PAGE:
Last Updated: Mon Nov 01, 2010 20:12 pm (KSA) 17:12 pm (GMT)

Danish reprint of Prophet cartoon reignites anger

Pakistani students chant slogans during protests in Karachi
Pakistani students chant slogans during protests in Karachi

Danish Muslim preachers sought to soothe Muslim anger on Friday after newspapers reprinted a drawing of the Prophet Mohammad yet again angering Muslims from Denmark to Pakistan.

Danish papers republished one of the drawings of Prophet Mohammad on Wednesday in protest against what they said was a plot to murder the cartoonist who drew it.

Mostafa Chendid, an imam at the Islamic Faith Community, said Danish media had confused freedom of expression with the freedom to insult others.

But he called for all Muslims to "cool down" and "turn "the other cheek," rather than pursue violence, saying this would harm Islam the same way the cartoons had.

"We are trying to dampen the anger," he said at Friday prayers at a mosque in northern Copenhagen.

Imam Abdul Wahid Pedersen, a converted Danish Muslim, called for dialogue. "I will take my starting point in some verses in the Quran that call for calm and considered discussions and law-abidingness," he told Danish state radio.

Copenhagen youths riot

Meanwhile in Copenhagen, 23 youths have been arrested so far for setting cars and dumpsters ablaze and throwing stones at police in a fifth night of riots in a predominantly immigrant area of the Danish capital.

"We've had six arrests so far. They've been charged with throwing stones at police and setting fires to cars and waste containers," Chief Inspector Henrik Olesen of the Copenhagen police said.

"We don't know why they're rioting. I think it's because they're bored. Some people say it's because of the cartoons but that's not my opinion," Olesen said.

Muslim reaction

Two-years ago cartoons mocking Prophet Mohammad appeared in a Danish paper sparking mass outrage across the Muslim world on with the reprinting of one of the cartoons Denmark has yet again stirred anger in the Middle East.

The Jeddah-based 'Organization of the Islamic Conference', the world's largest pan-Islamic body with 57 members, warned the reprinting could lead to confrontations between Muslims and Christians.

"By reprinting these cartoons we are heading toward a bigger conflict and that shows that both sides will be hostages of their radicals," OIC Secretary-General Ekmeleddin Ihsanoglu, a Turk, said in Istanbul.

"It is not a way of improving your rights and exercising your freedoms when you use these rights for insulting the most sacred values and symbols of others and inciting hatred," he said. "This is a very wrong, provocative way -- unacceptable."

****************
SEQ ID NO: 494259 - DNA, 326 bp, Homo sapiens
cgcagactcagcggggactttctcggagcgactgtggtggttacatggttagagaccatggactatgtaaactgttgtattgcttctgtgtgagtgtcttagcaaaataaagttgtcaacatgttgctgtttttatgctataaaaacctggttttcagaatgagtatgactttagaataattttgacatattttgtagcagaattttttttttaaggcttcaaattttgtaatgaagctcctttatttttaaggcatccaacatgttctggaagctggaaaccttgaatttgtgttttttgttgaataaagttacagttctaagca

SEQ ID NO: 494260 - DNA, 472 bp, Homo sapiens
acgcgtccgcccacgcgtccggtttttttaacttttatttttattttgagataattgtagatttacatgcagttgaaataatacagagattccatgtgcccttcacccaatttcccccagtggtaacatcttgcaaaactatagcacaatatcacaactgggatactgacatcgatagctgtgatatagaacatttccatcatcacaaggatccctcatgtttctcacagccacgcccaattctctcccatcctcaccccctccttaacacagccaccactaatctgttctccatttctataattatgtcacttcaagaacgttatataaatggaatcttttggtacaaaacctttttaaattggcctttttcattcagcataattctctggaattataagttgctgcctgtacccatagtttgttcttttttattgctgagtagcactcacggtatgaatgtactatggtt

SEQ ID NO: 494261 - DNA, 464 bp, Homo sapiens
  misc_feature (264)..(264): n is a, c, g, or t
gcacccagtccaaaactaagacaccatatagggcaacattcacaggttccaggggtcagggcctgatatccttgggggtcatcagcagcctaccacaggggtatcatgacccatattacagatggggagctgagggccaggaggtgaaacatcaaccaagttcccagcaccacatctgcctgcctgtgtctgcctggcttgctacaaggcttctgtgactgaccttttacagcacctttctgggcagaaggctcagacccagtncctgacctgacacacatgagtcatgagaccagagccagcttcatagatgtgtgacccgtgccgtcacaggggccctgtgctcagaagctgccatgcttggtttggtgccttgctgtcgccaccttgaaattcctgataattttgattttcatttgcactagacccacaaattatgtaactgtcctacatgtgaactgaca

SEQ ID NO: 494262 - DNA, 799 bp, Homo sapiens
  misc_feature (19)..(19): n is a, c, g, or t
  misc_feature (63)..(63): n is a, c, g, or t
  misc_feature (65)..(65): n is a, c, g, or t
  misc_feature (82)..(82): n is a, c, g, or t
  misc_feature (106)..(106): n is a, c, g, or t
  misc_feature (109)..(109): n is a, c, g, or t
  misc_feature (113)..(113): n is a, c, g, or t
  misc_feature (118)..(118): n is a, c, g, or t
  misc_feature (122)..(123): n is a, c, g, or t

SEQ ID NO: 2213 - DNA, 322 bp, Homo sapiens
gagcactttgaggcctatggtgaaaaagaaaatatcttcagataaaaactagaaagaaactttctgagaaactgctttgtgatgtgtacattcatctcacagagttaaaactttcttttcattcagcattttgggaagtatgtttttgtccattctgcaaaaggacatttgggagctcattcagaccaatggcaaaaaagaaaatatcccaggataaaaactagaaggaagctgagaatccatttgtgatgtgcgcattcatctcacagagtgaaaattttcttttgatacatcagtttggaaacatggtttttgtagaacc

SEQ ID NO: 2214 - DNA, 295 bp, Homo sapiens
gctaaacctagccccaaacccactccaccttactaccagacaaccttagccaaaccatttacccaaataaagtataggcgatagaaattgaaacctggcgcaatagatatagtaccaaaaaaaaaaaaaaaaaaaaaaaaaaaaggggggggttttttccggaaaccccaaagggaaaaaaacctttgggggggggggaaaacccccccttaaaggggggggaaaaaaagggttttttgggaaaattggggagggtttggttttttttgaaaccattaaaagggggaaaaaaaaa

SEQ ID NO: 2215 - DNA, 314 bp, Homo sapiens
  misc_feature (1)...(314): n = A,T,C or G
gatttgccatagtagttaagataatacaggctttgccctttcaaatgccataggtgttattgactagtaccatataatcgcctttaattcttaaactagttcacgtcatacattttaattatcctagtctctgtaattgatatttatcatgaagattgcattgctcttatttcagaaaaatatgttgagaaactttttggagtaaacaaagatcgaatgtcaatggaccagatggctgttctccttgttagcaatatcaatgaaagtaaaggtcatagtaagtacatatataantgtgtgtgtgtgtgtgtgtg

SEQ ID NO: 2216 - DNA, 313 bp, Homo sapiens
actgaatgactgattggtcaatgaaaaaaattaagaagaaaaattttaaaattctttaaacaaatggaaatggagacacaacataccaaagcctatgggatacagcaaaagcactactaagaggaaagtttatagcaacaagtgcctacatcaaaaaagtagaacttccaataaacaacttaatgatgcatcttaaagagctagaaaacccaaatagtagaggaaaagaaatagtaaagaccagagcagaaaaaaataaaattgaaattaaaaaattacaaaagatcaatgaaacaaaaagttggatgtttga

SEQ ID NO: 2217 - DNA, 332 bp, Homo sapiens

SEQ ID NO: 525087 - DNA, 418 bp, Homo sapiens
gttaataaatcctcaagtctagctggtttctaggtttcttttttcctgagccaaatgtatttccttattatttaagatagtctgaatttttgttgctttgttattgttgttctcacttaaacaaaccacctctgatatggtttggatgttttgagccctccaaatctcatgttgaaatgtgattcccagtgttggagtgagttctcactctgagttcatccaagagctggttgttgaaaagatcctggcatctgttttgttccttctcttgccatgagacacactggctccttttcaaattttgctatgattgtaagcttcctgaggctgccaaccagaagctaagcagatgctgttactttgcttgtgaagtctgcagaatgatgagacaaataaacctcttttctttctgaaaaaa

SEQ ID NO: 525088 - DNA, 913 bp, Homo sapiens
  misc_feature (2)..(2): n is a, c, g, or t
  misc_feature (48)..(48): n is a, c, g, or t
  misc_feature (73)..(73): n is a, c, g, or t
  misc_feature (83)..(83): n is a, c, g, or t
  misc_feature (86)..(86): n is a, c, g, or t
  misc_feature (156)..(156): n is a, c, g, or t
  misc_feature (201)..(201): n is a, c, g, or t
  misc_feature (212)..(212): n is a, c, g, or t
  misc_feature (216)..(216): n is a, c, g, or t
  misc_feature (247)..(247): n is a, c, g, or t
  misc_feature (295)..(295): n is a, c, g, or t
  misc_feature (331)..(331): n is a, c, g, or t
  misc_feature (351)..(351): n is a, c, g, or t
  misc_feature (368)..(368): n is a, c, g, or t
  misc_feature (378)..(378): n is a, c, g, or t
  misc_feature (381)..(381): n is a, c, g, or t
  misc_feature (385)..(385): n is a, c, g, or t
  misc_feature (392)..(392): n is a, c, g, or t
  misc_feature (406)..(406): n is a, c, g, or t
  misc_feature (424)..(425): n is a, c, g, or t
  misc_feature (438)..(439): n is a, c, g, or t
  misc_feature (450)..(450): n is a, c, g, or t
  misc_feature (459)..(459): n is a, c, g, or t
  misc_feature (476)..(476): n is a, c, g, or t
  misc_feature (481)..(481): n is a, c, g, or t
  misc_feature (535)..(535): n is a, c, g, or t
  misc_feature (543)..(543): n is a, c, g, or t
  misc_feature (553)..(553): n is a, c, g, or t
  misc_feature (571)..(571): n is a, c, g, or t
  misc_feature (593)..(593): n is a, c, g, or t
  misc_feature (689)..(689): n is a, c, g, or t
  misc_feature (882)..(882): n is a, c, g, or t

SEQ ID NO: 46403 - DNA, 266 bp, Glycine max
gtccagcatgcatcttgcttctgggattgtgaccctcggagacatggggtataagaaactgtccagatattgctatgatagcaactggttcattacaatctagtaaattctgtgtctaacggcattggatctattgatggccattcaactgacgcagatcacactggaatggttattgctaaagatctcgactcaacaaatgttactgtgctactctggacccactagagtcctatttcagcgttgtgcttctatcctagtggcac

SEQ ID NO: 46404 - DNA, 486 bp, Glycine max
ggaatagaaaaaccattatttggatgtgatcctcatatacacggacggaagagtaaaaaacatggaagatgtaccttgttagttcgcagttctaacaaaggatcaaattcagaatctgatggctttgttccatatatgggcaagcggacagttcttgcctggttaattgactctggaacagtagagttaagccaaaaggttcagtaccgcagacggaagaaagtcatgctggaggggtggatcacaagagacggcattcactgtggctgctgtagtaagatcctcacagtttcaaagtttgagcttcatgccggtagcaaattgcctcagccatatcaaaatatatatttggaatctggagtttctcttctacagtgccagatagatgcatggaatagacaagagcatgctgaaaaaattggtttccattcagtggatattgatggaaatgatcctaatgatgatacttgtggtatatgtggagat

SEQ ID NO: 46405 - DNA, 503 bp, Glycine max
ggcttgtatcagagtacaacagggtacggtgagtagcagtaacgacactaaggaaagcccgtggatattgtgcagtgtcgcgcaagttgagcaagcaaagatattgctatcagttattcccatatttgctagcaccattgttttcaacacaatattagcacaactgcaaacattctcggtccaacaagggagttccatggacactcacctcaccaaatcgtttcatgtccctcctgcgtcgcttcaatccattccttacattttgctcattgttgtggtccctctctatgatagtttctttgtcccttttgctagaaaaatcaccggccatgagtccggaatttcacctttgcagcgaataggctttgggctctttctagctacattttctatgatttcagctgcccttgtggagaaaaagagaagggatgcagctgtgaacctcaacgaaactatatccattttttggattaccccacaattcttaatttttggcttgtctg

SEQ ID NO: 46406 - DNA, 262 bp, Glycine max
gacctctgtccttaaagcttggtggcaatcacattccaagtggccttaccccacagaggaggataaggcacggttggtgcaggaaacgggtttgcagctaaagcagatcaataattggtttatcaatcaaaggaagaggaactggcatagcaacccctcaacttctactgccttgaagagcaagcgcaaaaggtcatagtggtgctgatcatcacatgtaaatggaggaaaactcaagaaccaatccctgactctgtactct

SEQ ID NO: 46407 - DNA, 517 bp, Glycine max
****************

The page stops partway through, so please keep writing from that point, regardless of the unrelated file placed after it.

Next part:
"The people who are doing this put themselves with the radicals, the fanatics and extremists who are using their beliefs as justification to hurt others," Ihsanoglu said. "This is not the way to improve relations between East and West, between Islam and Christianity."


In Kuwait several MPs on Thursday called for a total boycott of Denmark.

"We must impose a total political and economic boycott of Denmark," said MP Waleed al-Tabtabai during a parliamentary session.

"This is a provocative and insulting act and we must take a strong reaction," Tabtabai said.

Other MPs called on the government to implement a recommendation made by MPs over a year ago to set up a 10-million-dinar (36.5-million-dollar) fund especially to defend the Prophet and Islam around the world.

State Minister for Cabinet Affairs Faisal al-Hajji told the house the foreign ministry would follow up the issue and take appropriate measures.


In the Gaza Strip Hamas joined in the condemnation, calling for those responsible to be put on trial.

The Islamist movement Hamas said republishing the cartoon was an "offence to the feelings of tens of millions of Muslims.

"We call for the trial of those responsible for publishing these drawings in the Danish newspapers," it said in a statement, demanding that "official apologies be made" to Muslims.

It also called on Arab and Muslim governments to "use those means of pressure available to them to put an end to the organized campaigns aimed at spreading hatred against Islam in the name of free expression."


In Pakistan chanting up to 50 youths from the student wing of Jamaat-e-Islami, a right-wing anti-government Islamist party, protested in Karachi.

Grouped outside the Karachi Press Club, the students held up banners reading "We strongly condemn the act of insulting the Prophet by the Denmark Press" and "Prime Minister of Denmark and the Pope should apologise to the Muslim community".


In Iran peaceful protests were held outside the Danish embassy while Iran summoned Denmark's ambassador to protest against the reprinting of the cartoon.

"The foreign ministry summoned the Danish ambassador following the repetition of the insults to the Prophet and in order to voice an official protest," said the state news agency IRNA, quoting the foreign ministry.

"The foreign ministry... strongly condemned this and urged a serious confrontation against such insults and a prevention of any repetition," the agency added.

Comments »

Post Your Comment »

Social Media »